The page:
Dave Mann
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Dave Mann

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"Album review - Heart Over Mind, Bob Gordon"

Where does one go to make a difference that’s all the difference?

For Dave Mann, his band’s second full-length album needed to capitalise on their trademark strengths, yet take them to new heights musically. With this in mind he took bassist Roy Martinez, drummer Jade Masters and live engineer James Newhouse to his family’s 100 year-old house in Margaret River (a blissful three hours south of Perth).

It was a chance to escape from domestic distractions whilst being at a home away from home...

We just relaxed and had a good ol time, Mann recalls fondly. We got the songs down as they wanted to come out. It was a really nice environment down there amongst the trees, without the distractions of the city.

It’s been a place that I’ve been going to throughout my life... it’s just got a great energy about it. We could really focus and get inside the songs.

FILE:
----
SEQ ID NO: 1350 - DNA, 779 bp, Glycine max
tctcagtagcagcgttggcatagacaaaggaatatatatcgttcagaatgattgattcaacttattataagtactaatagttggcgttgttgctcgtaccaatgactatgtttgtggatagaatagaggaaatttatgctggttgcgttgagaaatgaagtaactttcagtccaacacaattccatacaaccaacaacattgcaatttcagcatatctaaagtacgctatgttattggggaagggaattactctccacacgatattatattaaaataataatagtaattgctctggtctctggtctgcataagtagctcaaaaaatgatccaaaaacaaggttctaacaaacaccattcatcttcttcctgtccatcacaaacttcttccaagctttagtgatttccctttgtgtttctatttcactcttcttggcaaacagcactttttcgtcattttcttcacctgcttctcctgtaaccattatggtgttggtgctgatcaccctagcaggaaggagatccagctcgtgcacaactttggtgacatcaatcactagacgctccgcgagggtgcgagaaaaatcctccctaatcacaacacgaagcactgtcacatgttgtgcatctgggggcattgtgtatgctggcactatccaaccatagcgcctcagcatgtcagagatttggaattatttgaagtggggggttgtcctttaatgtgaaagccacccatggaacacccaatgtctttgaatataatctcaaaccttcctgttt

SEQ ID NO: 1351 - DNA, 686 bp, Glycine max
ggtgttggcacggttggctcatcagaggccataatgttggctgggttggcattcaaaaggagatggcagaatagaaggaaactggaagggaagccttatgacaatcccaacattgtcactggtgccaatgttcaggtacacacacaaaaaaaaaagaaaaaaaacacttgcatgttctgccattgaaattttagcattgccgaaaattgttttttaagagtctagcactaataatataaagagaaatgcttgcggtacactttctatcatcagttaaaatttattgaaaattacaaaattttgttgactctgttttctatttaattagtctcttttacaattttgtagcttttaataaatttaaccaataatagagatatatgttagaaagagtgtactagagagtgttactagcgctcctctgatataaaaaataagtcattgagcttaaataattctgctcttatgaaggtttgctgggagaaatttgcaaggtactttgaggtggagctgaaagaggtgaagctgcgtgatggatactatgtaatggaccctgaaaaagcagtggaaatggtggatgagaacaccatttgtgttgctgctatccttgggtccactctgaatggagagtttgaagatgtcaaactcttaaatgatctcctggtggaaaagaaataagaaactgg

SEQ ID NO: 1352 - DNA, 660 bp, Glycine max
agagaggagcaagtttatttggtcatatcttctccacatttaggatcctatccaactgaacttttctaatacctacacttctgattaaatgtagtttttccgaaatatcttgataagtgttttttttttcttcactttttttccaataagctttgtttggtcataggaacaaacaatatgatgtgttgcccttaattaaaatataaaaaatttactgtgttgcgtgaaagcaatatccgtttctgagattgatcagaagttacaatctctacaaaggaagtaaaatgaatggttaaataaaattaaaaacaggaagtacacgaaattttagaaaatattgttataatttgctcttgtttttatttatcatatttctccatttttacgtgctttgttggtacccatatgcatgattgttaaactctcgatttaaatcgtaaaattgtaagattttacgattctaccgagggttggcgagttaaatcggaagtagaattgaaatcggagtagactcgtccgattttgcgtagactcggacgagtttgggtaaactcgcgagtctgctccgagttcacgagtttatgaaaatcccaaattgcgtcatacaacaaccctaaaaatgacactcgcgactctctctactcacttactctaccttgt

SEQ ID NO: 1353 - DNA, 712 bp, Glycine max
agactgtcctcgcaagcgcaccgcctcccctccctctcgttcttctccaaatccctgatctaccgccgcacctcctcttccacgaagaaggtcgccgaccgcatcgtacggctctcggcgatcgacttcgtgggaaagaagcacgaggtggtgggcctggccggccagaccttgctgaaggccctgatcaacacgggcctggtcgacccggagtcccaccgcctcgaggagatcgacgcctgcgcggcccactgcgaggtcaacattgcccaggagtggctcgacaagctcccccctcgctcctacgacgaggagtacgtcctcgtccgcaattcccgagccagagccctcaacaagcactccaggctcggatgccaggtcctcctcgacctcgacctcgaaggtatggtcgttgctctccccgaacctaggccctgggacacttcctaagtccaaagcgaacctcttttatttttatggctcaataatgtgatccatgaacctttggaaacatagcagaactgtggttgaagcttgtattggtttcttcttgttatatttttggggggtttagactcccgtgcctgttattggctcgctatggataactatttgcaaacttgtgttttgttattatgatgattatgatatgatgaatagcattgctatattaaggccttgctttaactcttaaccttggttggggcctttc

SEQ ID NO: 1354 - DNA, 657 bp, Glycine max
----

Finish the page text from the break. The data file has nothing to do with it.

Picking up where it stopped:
If there was a vision for Heart Over Mind, Mann says it was simply to do it differently from the first Dave Mann Collective album. This was a time for the band to indulge them selves (in the best possible way, of course) without being overly confined by time or budget constraints.

We wanted to just get in there and see what we were capable of, Mann explains, to see what we could do with the resources we have, the skills we’ve got and our experience at this point. It was really quite a joint effort between myself, Roy and Jade. We’ve ended up with an album that’s quite a big production in the end.

The result is what one might term a fulsome album. New attention was paid to arrangements and instrumental parts, a string section here, a didgeridoo there. Rather than come up with a concept for the whole album, the band wanted to see how far they could explore each song individually.

It was a really collective effort, Mann says. Everyone really put in their 50 cents worth. Sometimes people get this idea from the word Collective as though it means that I just grab whoever I can at the time, but we’re a really tight unit now, a solid line-up. The guys are really committed and really into what we do. I’ve opened my door a lot for their creative input and it was really quite a big effort from everyone.